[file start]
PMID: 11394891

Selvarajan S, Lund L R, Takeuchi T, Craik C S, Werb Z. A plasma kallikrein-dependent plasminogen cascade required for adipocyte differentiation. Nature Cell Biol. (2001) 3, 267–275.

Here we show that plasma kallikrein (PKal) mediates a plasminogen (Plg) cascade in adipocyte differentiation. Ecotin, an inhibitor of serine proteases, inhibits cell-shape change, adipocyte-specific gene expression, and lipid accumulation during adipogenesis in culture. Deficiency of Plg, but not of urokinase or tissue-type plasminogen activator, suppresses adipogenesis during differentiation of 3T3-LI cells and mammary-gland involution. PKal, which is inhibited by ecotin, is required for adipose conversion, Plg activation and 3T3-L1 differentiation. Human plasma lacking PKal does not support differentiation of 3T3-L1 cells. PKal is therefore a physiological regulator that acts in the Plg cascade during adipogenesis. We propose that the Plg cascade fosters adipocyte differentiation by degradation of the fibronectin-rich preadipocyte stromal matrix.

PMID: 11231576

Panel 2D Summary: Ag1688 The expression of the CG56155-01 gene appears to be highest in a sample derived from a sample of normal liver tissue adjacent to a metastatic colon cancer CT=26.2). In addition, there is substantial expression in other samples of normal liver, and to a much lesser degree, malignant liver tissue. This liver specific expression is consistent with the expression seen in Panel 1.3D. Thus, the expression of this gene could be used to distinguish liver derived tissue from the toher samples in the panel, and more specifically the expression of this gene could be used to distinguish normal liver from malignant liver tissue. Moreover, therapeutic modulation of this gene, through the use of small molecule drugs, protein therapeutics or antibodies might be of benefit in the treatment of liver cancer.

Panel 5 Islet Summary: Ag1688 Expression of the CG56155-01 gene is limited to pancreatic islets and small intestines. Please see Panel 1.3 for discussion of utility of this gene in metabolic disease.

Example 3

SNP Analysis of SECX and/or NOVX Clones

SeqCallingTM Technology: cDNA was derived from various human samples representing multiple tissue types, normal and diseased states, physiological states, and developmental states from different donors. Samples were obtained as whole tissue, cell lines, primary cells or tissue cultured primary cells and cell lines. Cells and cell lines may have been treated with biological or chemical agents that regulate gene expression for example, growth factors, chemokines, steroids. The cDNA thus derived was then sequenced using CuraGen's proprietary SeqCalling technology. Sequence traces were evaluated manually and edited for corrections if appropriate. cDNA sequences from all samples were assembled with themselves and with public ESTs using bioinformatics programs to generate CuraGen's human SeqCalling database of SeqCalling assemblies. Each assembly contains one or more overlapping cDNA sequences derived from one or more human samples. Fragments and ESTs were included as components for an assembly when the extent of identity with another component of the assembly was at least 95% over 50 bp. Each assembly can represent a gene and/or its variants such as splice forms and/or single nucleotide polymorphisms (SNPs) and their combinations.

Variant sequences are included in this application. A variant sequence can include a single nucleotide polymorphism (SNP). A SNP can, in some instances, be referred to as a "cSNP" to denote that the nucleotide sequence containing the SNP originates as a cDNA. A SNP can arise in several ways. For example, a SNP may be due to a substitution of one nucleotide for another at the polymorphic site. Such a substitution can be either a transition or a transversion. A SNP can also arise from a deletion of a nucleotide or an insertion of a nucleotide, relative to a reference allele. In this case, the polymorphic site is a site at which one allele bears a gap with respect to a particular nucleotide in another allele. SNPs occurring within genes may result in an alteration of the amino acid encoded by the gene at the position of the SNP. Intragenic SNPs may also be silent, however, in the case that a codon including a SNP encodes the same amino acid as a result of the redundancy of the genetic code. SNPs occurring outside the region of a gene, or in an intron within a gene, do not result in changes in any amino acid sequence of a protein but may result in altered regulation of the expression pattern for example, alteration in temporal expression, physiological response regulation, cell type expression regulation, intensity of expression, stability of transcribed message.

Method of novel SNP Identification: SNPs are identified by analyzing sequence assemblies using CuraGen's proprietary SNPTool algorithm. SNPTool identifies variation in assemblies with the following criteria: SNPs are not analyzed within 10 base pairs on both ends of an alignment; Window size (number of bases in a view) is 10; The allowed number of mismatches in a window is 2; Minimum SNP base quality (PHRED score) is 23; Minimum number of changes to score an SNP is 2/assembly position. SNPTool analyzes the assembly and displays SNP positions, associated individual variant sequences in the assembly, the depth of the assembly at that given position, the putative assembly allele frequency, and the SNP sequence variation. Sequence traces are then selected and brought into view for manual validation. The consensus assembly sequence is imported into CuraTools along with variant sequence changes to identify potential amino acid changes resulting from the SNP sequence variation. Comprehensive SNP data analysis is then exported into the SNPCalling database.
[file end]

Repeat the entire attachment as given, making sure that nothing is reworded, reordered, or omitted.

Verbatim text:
PMID: 11394891

Selvarajan S, Lund L R, Takeuchi T, Craik C S, Werb Z. A plasma kallikrein-dependent plasminogen cascade required for adipocyte differentiation. Nature Cell Biol. (2001) 3, 267–275.

Here we show that plasma kallikrein (PKal) mediates a plasminogen (Plg) cascade in adipocyte differentiation. Ecotin, an inhibitor of serine proteases, inhibits cell-shape change, adipocyte-specific gene expression, and lipid accumulation during adipogenesis in culture. Deficiency of Plg, but not of urokinase or tissue-type plasminogen activator, suppresses adipogenesis during differentiation of 3T3-LI cells and mammary-gland involution. PKal, which is inhibited by ecotin, is required for adipose conversion, Plg activation and 3T3-L1 differentiation. Human plasma lacking PKal does not support differentiation of 3T3-L1 cells. PKal is therefore a physiological regulator that acts in the Plg cascade during adipogenesis. We propose that the Plg cascade fosters adipocyte differentiation by degradation of the fibronectin-rich preadipocyte stromal matrix.

PMID: 11231576

Panel 2D Summary: Ag1688 The expression of the CG56155-01 gene appears to be highest in a sample derived from a sample of normal liver tissue adjacent to a metastatic colon cancer CT=26.2). In addition, there is substantial expression in other samples of normal liver, and to a much lesser degree, malignant liver tissue. This liver specific expression is consistent with the expression seen in Panel 1.3D. Thus, the expression of this gene could be used to distinguish liver derived tissue from the toher samples in the panel, and more specifically the expression of this gene could be used to distinguish normal liver from malignant liver tissue. Moreover, therapeutic modulation of this gene, through the use of small molecule drugs, protein therapeutics or antibodies might be of benefit in the treatment of liver cancer.

Panel 5 Islet Summary: Ag1688 Expression of the CG56155-01 gene is limited to pancreatic islets and small intestines. Please see Panel 1.3 for discussion of utility of this gene in metabolic disease.

Example 3

SNP Analysis of SECX and/or NOVX Clones

SeqCallingTM Technology: cDNA was derived from various human samples representing multiple tissue types, normal and diseased states, physiological states, and developmental states from different donors. Samples were obtained as whole tissue, cell lines, primary cells or tissue cultured primary cells and cell lines. Cells and cell lines may have been treated with biological or chemical agents that regulate gene expression for example, growth factors, chemokines, steroids. The cDNA thus derived was then sequenced using CuraGen's proprietary SeqCalling technology. Sequence traces were evaluated manually and edited for corrections if appropriate. cDNA sequences from all samples were assembled with themselves and with public ESTs using bioinformatics programs to generate CuraGen's human SeqCalling database of SeqCalling assemblies. Each assembly contains one or more overlapping cDNA sequences derived from one or more human samples. Fragments and ESTs were included as components for an assembly when the extent of identity with another component of the assembly was at least 95% over 50 bp. Each assembly can represent a gene and/or its variants such as splice forms and/or single nucleotide polymorphisms (SNPs) and their combinations.

Variant sequences are included in this application. A variant sequence can include a single nucleotide polymorphism (SNP). A SNP can, in some instances, be referred to as a "cSNP" to denote that the nucleotide sequence containing the SNP originates as a cDNA. A SNP can arise in several ways. For example, a SNP may be due to a substitution of one nucleotide for another at the polymorphic site. Such a substitution can be either a transition or a transversion. A SNP can also arise from a deletion of a nucleotide or an insertion of a nucleotide, relative to a reference allele. In this case, the polymorphic site is a site at which one allele bears a gap with respect to a particular nucleotide in another allele. SNPs occurring within genes may result in an alteration of the amino acid encoded by the gene at the position of the SNP. Intragenic SNPs may also be silent, however, in the case that a codon including a SNP encodes the same amino acid as a result of the redundancy of the genetic code. SNPs occurring outside the region of a gene, or in an intron within a gene, do not result in changes in any amino acid sequence of a protein but may result in altered regulation of the expression pattern for example, alteration in temporal expression, physiological response regulation, cell type expression regulation, intensity of expression, stability of transcribed message.

Method of novel SNP Identification: SNPs are identified by analyzing sequence assemblies using CuraGen's proprietary SNPTool algorithm. SNPTool identifies variation in assemblies with the following criteria: SNPs are not analyzed within 10 base pairs on both ends of an alignment; Window size (number of bases in a view) is 10; The allowed number of mismatches in a window is 2; Minimum SNP base quality (PHRED score) is 23; Minimum number of changes to score an SNP is 2/assembly position. SNPTool analyzes the assembly and displays SNP positions, associated individual variant sequences in the assembly, the depth of the assembly at that given position, the putative assembly allele frequency, and the SNP sequence variation. Sequence traces are then selected and brought into view for manual validation. The consensus assembly sequence is imported into CuraTools along with variant sequence changes to identify potential amino acid changes resulting from the SNP sequence variation. Comprehensive SNP data analysis is then exported into the SNPCalling database.